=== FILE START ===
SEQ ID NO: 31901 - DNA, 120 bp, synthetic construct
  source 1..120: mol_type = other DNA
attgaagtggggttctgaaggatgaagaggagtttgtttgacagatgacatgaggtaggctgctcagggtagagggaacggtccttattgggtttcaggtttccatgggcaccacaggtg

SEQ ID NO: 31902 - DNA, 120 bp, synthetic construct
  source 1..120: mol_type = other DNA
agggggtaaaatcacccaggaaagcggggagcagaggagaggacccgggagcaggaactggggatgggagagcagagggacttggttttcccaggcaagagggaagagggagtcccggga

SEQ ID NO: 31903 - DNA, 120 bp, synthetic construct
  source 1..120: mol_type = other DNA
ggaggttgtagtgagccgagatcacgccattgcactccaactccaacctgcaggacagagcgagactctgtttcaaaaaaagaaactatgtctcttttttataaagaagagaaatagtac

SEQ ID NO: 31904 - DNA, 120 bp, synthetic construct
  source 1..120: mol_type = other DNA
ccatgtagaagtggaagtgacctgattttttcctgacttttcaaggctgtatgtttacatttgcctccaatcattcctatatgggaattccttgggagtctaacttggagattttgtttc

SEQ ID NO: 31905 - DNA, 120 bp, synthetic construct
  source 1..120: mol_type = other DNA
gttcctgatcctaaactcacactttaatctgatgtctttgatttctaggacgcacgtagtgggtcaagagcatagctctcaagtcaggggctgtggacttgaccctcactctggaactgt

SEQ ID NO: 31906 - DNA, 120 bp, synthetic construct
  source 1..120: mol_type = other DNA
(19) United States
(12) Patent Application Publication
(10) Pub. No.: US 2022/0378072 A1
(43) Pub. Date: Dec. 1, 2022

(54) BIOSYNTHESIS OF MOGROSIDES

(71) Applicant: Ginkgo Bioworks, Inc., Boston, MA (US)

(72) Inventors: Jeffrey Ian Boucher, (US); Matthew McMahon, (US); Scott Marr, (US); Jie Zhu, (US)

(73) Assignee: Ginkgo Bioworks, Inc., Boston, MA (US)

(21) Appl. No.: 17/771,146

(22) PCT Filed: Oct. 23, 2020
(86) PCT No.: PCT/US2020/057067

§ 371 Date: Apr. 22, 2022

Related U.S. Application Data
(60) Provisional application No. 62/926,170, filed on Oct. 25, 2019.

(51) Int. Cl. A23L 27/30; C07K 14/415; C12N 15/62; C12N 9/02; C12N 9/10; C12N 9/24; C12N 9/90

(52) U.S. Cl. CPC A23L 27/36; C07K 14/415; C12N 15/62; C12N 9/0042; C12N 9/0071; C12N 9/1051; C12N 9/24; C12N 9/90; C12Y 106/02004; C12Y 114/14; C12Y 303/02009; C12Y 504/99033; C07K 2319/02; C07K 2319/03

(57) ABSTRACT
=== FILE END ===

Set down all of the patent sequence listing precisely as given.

SEQ ID NO: 31901 - DNA, 120 bp, synthetic construct
  source 1..120: mol_type = other DNA
attgaagtggggttctgaaggatgaagaggagtttgtttgacagatgacatgaggtaggctgctcagggtagagggaacggtccttattgggtttcaggtttccatgggcaccacaggtg

SEQ ID NO: 31902 - DNA, 120 bp, synthetic construct
  source 1..120: mol_type = other DNA
agggggtaaaatcacccaggaaagcggggagcagaggagaggacccgggagcaggaactggggatgggagagcagagggacttggttttcccaggcaagagggaagagggagtcccggga

SEQ ID NO: 31903 - DNA, 120 bp, synthetic construct
  source 1..120: mol_type = other DNA
ggaggttgtagtgagccgagatcacgccattgcactccaactccaacctgcaggacagagcgagactctgtttcaaaaaaagaaactatgtctcttttttataaagaagagaaatagtac

SEQ ID NO: 31904 - DNA, 120 bp, synthetic construct
  source 1..120: mol_type = other DNA
ccatgtagaagtggaagtgacctgattttttcctgacttttcaaggctgtatgtttacatttgcctccaatcattcctatatgggaattccttgggagtctaacttggagattttgtttc

SEQ ID NO: 31905 - DNA, 120 bp, synthetic construct
  source 1..120: mol_type = other DNA
gttcctgatcctaaactcacactttaatctgatgtctttgatttctaggacgcacgtagtgggtcaagagcatagctctcaagtcaggggctgtggacttgaccctcactctggaactgt

SEQ ID NO: 31906 - DNA, 120 bp, synthetic construct
  source 1..120: mol_type = other DNA
(19) United States
(12) Patent Application Publication
(10) Pub. No.: US 2022/0378072 A1
(43) Pub. Date: Dec. 1, 2022

(54) BIOSYNTHESIS OF MOGROSIDES

(71) Applicant: Ginkgo Bioworks, Inc., Boston, MA (US)

(72) Inventors: Jeffrey Ian Boucher, (US); Matthew McMahon, (US); Scott Marr, (US); Jie Zhu, (US)

(73) Assignee: Ginkgo Bioworks, Inc., Boston, MA (US)

(21) Appl. No.: 17/771,146

(22) PCT Filed: Oct. 23, 2020
(86) PCT No.: PCT/US2020/057067

§ 371 Date: Apr. 22, 2022

Related U.S. Application Data
(60) Provisional application No. 62/926,170, filed on Oct. 25, 2019.

(51) Int. Cl. A23L 27/30; C07K 14/415; C12N 15/62; C12N 9/02; C12N 9/10; C12N 9/24; C12N 9/90

(52) U.S. Cl. CPC A23L 27/36; C07K 14/415; C12N 15/62; C12N 9/0042; C12N 9/0071; C12N 9/1051; C12N 9/24; C12N 9/90; C12Y 106/02004; C12Y 114/14; C12Y 303/02009; C12Y 504/99033; C07K 2319/02; C07K 2319/03

(57) ABSTRACT